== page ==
cannot communicate effectively and fully.

    Is this you?

    . I have a colleague I dont like, and he nevertells me anything. . People are always tellingme Ive missed the point. . Im too easilypersuaded and I usually dont realize it is

    happening until its too late. . When someonemakes me mad its difficult for me to

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    continue the conversation rationally. . Ourstaff includes men and women, and I

    sometimes think we are speaking different

    languages.

    Avoid selective listening

    Many people hear only what they want to

    hear. A man is surprised when he is turned

    down for a job, because the interviewer said

    he had the right qualifications. Heconveniently missed the comment that there

    were nine other applicants.

    In business, we cant afford to practise

    selective listening. The fact that we ignore the

    bad news doesnt make it go away. In fact,

    things might well become worse if we act on

    just one part of a complex message.

    Someone says half a sentence and we

    immediately leap to the end, assuming we

    know what they were about to say and so we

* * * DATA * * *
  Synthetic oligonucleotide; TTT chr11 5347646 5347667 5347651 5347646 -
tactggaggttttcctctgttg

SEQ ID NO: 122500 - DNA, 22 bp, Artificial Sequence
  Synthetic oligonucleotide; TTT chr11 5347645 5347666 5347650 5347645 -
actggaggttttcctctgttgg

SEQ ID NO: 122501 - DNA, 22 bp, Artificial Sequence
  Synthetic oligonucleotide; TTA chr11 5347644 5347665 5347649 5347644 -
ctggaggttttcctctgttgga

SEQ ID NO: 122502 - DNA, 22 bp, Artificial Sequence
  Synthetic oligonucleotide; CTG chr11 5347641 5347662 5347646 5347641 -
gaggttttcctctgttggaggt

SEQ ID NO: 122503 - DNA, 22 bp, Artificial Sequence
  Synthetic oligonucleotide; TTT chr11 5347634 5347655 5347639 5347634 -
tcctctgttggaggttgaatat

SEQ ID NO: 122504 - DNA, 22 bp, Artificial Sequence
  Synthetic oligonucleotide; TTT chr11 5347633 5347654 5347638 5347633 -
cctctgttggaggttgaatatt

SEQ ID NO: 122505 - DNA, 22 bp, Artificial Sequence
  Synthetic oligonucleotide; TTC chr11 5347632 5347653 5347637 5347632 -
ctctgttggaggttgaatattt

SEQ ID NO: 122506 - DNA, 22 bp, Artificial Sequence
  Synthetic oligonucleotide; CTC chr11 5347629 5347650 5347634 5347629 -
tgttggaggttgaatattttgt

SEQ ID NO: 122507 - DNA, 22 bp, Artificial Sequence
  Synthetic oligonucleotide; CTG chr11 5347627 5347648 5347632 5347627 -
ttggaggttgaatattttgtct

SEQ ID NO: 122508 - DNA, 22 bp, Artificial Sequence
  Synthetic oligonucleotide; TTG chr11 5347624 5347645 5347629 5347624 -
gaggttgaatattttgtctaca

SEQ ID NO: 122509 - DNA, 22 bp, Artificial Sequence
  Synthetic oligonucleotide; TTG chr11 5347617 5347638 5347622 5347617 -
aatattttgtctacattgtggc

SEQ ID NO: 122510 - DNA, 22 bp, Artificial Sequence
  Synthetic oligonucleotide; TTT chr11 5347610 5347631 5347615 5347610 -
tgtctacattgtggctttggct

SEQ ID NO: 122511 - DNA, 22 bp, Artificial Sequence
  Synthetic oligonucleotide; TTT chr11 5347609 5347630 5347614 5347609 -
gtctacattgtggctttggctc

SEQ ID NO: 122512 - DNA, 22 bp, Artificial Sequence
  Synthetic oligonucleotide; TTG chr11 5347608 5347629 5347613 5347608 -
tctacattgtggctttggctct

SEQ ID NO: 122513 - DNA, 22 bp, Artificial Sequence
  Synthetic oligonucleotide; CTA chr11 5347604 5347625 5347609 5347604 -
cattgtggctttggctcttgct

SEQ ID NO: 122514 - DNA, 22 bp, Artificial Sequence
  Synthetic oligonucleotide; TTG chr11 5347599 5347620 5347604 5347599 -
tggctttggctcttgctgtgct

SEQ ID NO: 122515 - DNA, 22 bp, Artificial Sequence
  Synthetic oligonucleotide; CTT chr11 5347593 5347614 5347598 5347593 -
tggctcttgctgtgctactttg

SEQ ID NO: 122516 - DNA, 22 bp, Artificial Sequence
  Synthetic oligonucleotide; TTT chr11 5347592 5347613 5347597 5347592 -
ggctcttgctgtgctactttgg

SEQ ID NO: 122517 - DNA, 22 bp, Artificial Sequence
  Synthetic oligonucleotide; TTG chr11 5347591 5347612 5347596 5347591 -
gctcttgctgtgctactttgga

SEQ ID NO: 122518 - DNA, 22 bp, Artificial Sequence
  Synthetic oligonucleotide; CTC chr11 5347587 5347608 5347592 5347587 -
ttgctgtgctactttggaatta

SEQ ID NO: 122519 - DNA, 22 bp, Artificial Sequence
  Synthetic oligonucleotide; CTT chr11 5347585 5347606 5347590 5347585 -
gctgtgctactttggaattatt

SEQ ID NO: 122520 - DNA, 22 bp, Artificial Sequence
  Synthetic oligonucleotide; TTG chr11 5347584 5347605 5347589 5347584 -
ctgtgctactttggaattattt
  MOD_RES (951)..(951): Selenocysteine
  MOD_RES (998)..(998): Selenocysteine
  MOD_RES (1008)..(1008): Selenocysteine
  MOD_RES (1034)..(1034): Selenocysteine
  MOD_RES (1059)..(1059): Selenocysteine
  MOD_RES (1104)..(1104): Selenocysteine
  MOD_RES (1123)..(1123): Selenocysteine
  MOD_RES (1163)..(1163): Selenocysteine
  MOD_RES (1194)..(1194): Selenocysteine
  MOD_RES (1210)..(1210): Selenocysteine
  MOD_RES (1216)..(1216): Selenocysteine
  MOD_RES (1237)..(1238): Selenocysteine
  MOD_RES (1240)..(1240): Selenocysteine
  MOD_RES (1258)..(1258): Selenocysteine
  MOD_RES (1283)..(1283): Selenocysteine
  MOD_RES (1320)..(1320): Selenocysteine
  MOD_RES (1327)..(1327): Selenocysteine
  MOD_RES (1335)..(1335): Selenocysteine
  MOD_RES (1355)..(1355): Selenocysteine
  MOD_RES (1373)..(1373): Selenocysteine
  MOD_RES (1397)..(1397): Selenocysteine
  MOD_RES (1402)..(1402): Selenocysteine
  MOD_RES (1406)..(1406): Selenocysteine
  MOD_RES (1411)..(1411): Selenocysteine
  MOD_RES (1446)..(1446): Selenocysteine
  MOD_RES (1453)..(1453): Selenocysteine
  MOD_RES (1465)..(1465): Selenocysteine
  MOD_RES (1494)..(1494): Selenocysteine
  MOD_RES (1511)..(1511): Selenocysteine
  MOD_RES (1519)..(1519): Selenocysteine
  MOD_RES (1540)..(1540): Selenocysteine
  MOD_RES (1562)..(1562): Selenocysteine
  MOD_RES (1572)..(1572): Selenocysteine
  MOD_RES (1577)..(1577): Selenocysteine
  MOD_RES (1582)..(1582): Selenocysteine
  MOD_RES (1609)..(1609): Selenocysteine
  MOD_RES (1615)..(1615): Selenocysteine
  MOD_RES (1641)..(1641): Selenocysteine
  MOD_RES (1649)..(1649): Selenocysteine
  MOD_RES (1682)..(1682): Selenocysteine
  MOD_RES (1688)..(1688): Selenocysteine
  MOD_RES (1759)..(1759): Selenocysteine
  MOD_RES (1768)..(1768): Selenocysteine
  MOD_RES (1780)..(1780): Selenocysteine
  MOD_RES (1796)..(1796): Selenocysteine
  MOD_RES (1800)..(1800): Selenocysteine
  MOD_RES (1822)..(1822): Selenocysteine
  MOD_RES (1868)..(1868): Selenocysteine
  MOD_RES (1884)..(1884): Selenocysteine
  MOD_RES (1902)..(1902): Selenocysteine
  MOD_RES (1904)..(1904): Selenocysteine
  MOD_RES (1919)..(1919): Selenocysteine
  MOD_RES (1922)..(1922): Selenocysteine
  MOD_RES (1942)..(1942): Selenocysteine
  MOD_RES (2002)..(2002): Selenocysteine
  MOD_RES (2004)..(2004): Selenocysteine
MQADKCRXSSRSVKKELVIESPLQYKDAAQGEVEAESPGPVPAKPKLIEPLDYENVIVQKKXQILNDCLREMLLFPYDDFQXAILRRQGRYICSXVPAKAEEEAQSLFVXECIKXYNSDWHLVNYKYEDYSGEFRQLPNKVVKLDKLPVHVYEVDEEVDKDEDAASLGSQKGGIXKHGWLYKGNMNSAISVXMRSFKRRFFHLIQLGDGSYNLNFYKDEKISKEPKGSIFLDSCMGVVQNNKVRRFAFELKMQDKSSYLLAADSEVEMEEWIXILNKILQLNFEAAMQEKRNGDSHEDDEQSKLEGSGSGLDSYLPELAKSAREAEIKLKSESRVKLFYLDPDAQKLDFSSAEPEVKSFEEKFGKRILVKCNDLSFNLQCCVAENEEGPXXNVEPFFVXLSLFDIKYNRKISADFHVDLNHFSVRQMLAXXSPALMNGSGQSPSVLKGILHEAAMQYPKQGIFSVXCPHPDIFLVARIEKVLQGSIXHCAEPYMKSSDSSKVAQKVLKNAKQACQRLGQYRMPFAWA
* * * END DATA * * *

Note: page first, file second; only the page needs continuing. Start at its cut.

dont listen to the rest. Not only can we easily

    hear the wrong information, but we also run

    the risk of antagonizing the speaker.

    A common cause of selective listening is

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    personal bias against the speaker. Its

    tempting to discount the opinions of people

    you simply dont like.*

    If you feel yourself mentally switch off when a

    certain person begins to speak, you are guilty

    of selective listening. Remember, the

    information may be valid and useful even if

    the person delivering it is not on your

    friendship list.

    Listen for the context

    A mark of the expert communicator is the

    ability to hear what is not said. Every

    comment we make fits into a context, without

    which it makes no sense or may have a

    different meaning altogether. If you ask your

    child to run to the corner store on an errand,

    for example, and she replies, Its raining, you

    might realize she is offering the weather as a

    reason not to go. On the other hand,

    someone looking out of the window on

    arising in the morning may make the same

    comment simply as a fact related to nothing

    * Dont discount theimportance of themessage, simplybecause you dontcare for themessenger.

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    in particular.

    The ability to listen for context can stop us

    from taking the discussion off track.*

    Someone speaks up at a meeting, suggesting

    a promotional event as part of a new product

    launch. As background he cites a street party

    that took place in his neighbourhood to raise

    awareness of traffic safety. One colleague

    responds by doubting the appropriateness of

    a street party to this business, while another

    begins to rail about deteriorating driving

    habits. The effective listener, however, realizes